Any who have witnessed Matthew Shipp in action over the past few years will know that the pianist's bravura concert displays often eclipse his studio output. Unlike many jazz musicians the vast majority of Shipp's oeuvre has been recorded away from an audience. His previous four releases on Thirsty Ear have alternated between trio and solo format, but now he combines the two on this double-disc live album.
With its echo of Ornette Coleman
's similarly monikered collection of outtakes, and a hint of Brad Mehldau
's Art of the Trio
Warner Brothers series, the album title stakes out Shipp's place as one of the foremost piano stylists on the modern jazz scene. Each disc manifests a continuous stream, drawing deep from his repertoire along with one standard. On the first, documenting a performance in Troy, New York, the pianist is joined by longtime collaborator Whit Dickey
on drums, and new trio member Michael Bisio
on bass, while on the second, from New York City's Poisson Rouge, Shipp is alone at the keyboard.
Even though his associations with such heavyweights as saxophonists David S. Ware
and Roscoe Mitchell
might position Shipp at the difficult end of the spectrum, there is nothing here which should cause alarm in the 21st century. Although free in the sense that there may be no predetermined course, the pianist references tunes (his own and those of others) as lucent beacons in otherwise uncharted waters. Melodies ring out, periodically obscured by crashing depth charge chords or by an austere classicism, but nonetheless they can still swing with verve.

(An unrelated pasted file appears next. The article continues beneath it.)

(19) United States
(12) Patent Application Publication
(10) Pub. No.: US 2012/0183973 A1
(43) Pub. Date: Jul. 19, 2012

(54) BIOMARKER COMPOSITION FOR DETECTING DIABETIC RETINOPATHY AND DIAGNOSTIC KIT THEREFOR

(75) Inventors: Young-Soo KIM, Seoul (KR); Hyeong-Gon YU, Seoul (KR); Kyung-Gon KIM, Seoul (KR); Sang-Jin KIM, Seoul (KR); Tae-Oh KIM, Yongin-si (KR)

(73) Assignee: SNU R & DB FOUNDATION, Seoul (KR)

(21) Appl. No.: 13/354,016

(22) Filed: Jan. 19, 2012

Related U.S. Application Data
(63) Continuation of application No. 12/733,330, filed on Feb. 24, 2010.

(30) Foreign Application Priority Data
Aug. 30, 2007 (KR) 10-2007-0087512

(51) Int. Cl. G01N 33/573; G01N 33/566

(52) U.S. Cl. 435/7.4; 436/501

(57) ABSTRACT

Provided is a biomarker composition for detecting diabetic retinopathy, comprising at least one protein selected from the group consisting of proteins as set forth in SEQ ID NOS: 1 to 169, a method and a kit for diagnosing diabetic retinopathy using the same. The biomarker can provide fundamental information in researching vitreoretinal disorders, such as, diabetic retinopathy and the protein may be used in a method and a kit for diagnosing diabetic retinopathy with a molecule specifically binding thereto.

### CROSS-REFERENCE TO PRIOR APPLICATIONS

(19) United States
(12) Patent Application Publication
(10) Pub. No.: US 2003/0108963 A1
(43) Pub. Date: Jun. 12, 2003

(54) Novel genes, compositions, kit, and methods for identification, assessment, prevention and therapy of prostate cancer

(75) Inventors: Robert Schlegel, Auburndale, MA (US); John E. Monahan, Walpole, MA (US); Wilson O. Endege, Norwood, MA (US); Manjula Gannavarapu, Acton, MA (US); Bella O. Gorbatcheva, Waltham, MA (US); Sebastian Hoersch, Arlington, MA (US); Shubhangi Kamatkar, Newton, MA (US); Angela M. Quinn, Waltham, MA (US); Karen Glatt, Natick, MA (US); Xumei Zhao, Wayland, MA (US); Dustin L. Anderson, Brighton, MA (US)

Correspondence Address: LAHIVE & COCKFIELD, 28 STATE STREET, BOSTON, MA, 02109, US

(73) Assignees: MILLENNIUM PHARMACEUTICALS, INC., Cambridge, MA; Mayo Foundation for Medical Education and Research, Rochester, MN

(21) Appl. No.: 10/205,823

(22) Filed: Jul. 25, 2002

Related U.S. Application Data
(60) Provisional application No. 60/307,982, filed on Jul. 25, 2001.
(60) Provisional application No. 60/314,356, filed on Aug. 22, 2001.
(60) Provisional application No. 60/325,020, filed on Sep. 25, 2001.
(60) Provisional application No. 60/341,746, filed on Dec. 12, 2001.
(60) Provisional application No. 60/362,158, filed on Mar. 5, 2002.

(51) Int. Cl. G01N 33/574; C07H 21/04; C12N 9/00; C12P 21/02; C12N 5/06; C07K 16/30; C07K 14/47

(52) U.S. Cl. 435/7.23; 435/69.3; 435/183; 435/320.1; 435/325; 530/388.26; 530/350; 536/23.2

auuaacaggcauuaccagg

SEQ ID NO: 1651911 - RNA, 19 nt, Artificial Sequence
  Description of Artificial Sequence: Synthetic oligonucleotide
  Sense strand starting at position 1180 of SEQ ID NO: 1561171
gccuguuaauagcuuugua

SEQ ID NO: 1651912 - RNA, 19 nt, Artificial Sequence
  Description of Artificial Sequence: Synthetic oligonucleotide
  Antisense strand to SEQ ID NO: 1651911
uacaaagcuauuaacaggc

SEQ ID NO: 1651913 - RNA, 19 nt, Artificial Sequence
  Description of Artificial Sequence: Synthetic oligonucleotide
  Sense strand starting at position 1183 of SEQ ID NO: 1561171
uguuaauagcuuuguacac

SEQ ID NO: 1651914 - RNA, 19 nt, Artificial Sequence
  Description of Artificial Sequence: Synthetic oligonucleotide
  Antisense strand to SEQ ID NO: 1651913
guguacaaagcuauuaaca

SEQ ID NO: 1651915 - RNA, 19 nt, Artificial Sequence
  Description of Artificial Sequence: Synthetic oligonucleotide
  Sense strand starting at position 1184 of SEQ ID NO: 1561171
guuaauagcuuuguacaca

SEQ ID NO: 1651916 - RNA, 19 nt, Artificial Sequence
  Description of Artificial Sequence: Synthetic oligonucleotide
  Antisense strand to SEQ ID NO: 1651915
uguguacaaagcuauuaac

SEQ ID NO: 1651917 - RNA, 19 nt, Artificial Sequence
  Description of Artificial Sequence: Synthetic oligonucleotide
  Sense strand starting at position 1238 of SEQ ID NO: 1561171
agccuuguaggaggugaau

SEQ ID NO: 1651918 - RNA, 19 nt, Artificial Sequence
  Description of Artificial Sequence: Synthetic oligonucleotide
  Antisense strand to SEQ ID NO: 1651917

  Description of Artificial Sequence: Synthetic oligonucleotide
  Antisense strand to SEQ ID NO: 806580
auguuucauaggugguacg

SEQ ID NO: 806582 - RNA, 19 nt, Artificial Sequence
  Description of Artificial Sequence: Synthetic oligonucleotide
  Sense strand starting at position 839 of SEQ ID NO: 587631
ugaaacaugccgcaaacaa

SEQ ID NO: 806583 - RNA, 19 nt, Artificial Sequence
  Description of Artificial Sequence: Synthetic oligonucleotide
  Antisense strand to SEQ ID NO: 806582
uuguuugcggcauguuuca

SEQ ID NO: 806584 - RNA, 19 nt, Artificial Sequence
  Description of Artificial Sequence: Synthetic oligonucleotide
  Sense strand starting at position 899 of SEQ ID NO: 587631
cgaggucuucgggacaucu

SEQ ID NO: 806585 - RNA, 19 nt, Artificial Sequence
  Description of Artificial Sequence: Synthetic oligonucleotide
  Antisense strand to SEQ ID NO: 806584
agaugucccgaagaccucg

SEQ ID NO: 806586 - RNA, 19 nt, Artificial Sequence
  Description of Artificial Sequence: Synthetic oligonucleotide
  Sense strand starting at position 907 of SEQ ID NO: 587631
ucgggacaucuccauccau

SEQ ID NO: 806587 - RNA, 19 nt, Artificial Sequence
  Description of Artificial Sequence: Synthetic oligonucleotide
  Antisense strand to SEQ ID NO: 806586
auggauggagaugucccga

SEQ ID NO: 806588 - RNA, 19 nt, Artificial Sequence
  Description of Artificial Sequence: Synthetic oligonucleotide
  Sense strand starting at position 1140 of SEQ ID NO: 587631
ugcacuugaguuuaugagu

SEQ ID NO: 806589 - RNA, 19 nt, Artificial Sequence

Stellar interplay characterizes the trio program, with Bisio's cleanly articulated arco a muscular thrum, maintaining a constant counterpoint to Shipp's idiosyncratic mix of sunshine and thunder. Dickey adds a further layer of complexity, with his intricate cymbal patterns overlaying his pulsing polyrhythms. Each gets a solo feature, forming a segue between themes, with Bisio's particularly fine; his lyricism tumbling down the bass clef in an explosion of bent, slurred notes and buzzing multiple strings, delivered with a gravitas reminiscent of Charlie Haden
. Billy Strayhorn
's "Take The 'A' Train" fits easily into Shipp's universe, testament to the set's accessibility, while the majestic processional of "Virgin Complex" augmented by Bisio's haunting bowing, makes a fantastic closer.
Starting out with the title track from 4D
(Thirsty Ear, 2010), the solo outing offers a more intimate glimpse of the pianist's methods. The trademark rhythmic repetitions, effervescent motifs and bass register crashes are all there, but regularly tempered by a romantic melodicism which can even, at times, recall Keith Jarrett
. "Take Me To The Moon" peeks slyly out from the freewheeling improv, before segueing smoothly into the insistent refrain of "Wholetone." Providing another gentle yet satisfying conclusion is the beautifully rippling "Patmos," one of the highlights from One
(Thirsty Ear, 2008).
This double-disc set ranks among Shipp's finest work and, while it is not quite career-defining, it forms a wonderful summation of his work in recent years.